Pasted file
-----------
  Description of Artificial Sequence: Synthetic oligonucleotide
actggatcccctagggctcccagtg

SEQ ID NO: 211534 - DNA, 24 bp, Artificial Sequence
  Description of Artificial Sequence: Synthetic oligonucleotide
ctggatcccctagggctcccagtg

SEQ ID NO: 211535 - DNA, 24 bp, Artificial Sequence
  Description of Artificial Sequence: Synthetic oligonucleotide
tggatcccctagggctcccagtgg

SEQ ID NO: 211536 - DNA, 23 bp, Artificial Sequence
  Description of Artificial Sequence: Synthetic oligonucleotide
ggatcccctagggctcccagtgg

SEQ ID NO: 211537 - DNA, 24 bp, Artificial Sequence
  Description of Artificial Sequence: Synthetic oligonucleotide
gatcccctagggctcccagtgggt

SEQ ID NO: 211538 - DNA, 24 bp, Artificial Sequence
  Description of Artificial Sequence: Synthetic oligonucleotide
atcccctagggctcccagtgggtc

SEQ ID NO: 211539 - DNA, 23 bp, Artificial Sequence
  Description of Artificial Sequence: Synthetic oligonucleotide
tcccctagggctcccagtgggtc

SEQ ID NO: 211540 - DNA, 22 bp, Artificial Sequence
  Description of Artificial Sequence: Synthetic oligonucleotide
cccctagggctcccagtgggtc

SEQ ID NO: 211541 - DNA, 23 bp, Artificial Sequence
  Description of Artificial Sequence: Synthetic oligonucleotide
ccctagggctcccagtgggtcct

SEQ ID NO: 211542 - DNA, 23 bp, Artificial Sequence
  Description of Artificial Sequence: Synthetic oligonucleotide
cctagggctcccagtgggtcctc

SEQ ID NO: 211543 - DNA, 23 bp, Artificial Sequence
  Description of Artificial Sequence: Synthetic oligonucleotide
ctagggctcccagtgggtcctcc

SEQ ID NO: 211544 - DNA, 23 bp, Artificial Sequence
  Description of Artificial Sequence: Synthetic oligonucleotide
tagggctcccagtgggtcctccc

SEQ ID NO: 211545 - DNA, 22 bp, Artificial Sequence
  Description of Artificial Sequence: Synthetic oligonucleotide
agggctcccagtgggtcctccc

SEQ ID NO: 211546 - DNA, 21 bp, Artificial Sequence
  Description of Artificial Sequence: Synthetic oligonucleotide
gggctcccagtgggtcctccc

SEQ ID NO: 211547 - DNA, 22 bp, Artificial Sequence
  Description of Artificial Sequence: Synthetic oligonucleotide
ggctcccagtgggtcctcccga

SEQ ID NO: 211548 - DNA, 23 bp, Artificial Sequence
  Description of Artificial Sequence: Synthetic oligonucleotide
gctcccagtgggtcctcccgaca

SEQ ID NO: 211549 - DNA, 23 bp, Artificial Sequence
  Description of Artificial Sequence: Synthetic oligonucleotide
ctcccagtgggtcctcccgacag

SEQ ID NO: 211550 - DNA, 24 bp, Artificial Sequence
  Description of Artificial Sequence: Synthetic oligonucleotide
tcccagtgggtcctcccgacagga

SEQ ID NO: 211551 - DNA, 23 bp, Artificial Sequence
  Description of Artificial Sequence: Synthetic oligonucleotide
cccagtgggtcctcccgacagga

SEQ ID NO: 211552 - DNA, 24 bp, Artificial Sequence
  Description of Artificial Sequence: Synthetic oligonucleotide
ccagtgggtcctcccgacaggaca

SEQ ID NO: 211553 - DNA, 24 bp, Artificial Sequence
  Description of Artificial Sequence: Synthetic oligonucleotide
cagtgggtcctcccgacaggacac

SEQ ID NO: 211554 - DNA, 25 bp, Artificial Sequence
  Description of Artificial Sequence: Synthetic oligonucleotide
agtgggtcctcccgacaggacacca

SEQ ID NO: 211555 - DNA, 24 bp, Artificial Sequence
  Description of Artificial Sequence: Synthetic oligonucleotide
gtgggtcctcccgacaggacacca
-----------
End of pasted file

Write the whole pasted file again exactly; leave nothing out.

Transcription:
  Description of Artificial Sequence: Synthetic oligonucleotide
actggatcccctagggctcccagtg

SEQ ID NO: 211534 - DNA, 24 bp, Artificial Sequence
  Description of Artificial Sequence: Synthetic oligonucleotide
ctggatcccctagggctcccagtg

SEQ ID NO: 211535 - DNA, 24 bp, Artificial Sequence
  Description of Artificial Sequence: Synthetic oligonucleotide
tggatcccctagggctcccagtgg

SEQ ID NO: 211536 - DNA, 23 bp, Artificial Sequence
  Description of Artificial Sequence: Synthetic oligonucleotide
ggatcccctagggctcccagtgg

SEQ ID NO: 211537 - DNA, 24 bp, Artificial Sequence
  Description of Artificial Sequence: Synthetic oligonucleotide
gatcccctagggctcccagtgggt

SEQ ID NO: 211538 - DNA, 24 bp, Artificial Sequence
  Description of Artificial Sequence: Synthetic oligonucleotide
atcccctagggctcccagtgggtc

SEQ ID NO: 211539 - DNA, 23 bp, Artificial Sequence
  Description of Artificial Sequence: Synthetic oligonucleotide
tcccctagggctcccagtgggtc

SEQ ID NO: 211540 - DNA, 22 bp, Artificial Sequence
  Description of Artificial Sequence: Synthetic oligonucleotide
cccctagggctcccagtgggtc

SEQ ID NO: 211541 - DNA, 23 bp, Artificial Sequence
  Description of Artificial Sequence: Synthetic oligonucleotide
ccctagggctcccagtgggtcct

SEQ ID NO: 211542 - DNA, 23 bp, Artificial Sequence
  Description of Artificial Sequence: Synthetic oligonucleotide
cctagggctcccagtgggtcctc

SEQ ID NO: 211543 - DNA, 23 bp, Artificial Sequence
  Description of Artificial Sequence: Synthetic oligonucleotide
ctagggctcccagtgggtcctcc

SEQ ID NO: 211544 - DNA, 23 bp, Artificial Sequence
  Description of Artificial Sequence: Synthetic oligonucleotide
tagggctcccagtgggtcctccc

SEQ ID NO: 211545 - DNA, 22 bp, Artificial Sequence
  Description of Artificial Sequence: Synthetic oligonucleotide
agggctcccagtgggtcctccc

SEQ ID NO: 211546 - DNA, 21 bp, Artificial Sequence
  Description of Artificial Sequence: Synthetic oligonucleotide
gggctcccagtgggtcctccc

SEQ ID NO: 211547 - DNA, 22 bp, Artificial Sequence
  Description of Artificial Sequence: Synthetic oligonucleotide
ggctcccagtgggtcctcccga

SEQ ID NO: 211548 - DNA, 23 bp, Artificial Sequence
  Description of Artificial Sequence: Synthetic oligonucleotide
gctcccagtgggtcctcccgaca

SEQ ID NO: 211549 - DNA, 23 bp, Artificial Sequence
  Description of Artificial Sequence: Synthetic oligonucleotide
ctcccagtgggtcctcccgacag

SEQ ID NO: 211550 - DNA, 24 bp, Artificial Sequence
  Description of Artificial Sequence: Synthetic oligonucleotide
tcccagtgggtcctcccgacagga

SEQ ID NO: 211551 - DNA, 23 bp, Artificial Sequence
  Description of Artificial Sequence: Synthetic oligonucleotide
cccagtgggtcctcccgacagga

SEQ ID NO: 211552 - DNA, 24 bp, Artificial Sequence
  Description of Artificial Sequence: Synthetic oligonucleotide
ccagtgggtcctcccgacaggaca

SEQ ID NO: 211553 - DNA, 24 bp, Artificial Sequence
  Description of Artificial Sequence: Synthetic oligonucleotide
cagtgggtcctcccgacaggacac

SEQ ID NO: 211554 - DNA, 25 bp, Artificial Sequence
  Description of Artificial Sequence: Synthetic oligonucleotide
agtgggtcctcccgacaggacacca

SEQ ID NO: 211555 - DNA, 24 bp, Artificial Sequence
  Description of Artificial Sequence: Synthetic oligonucleotide
gtgggtcctcccgacaggacacca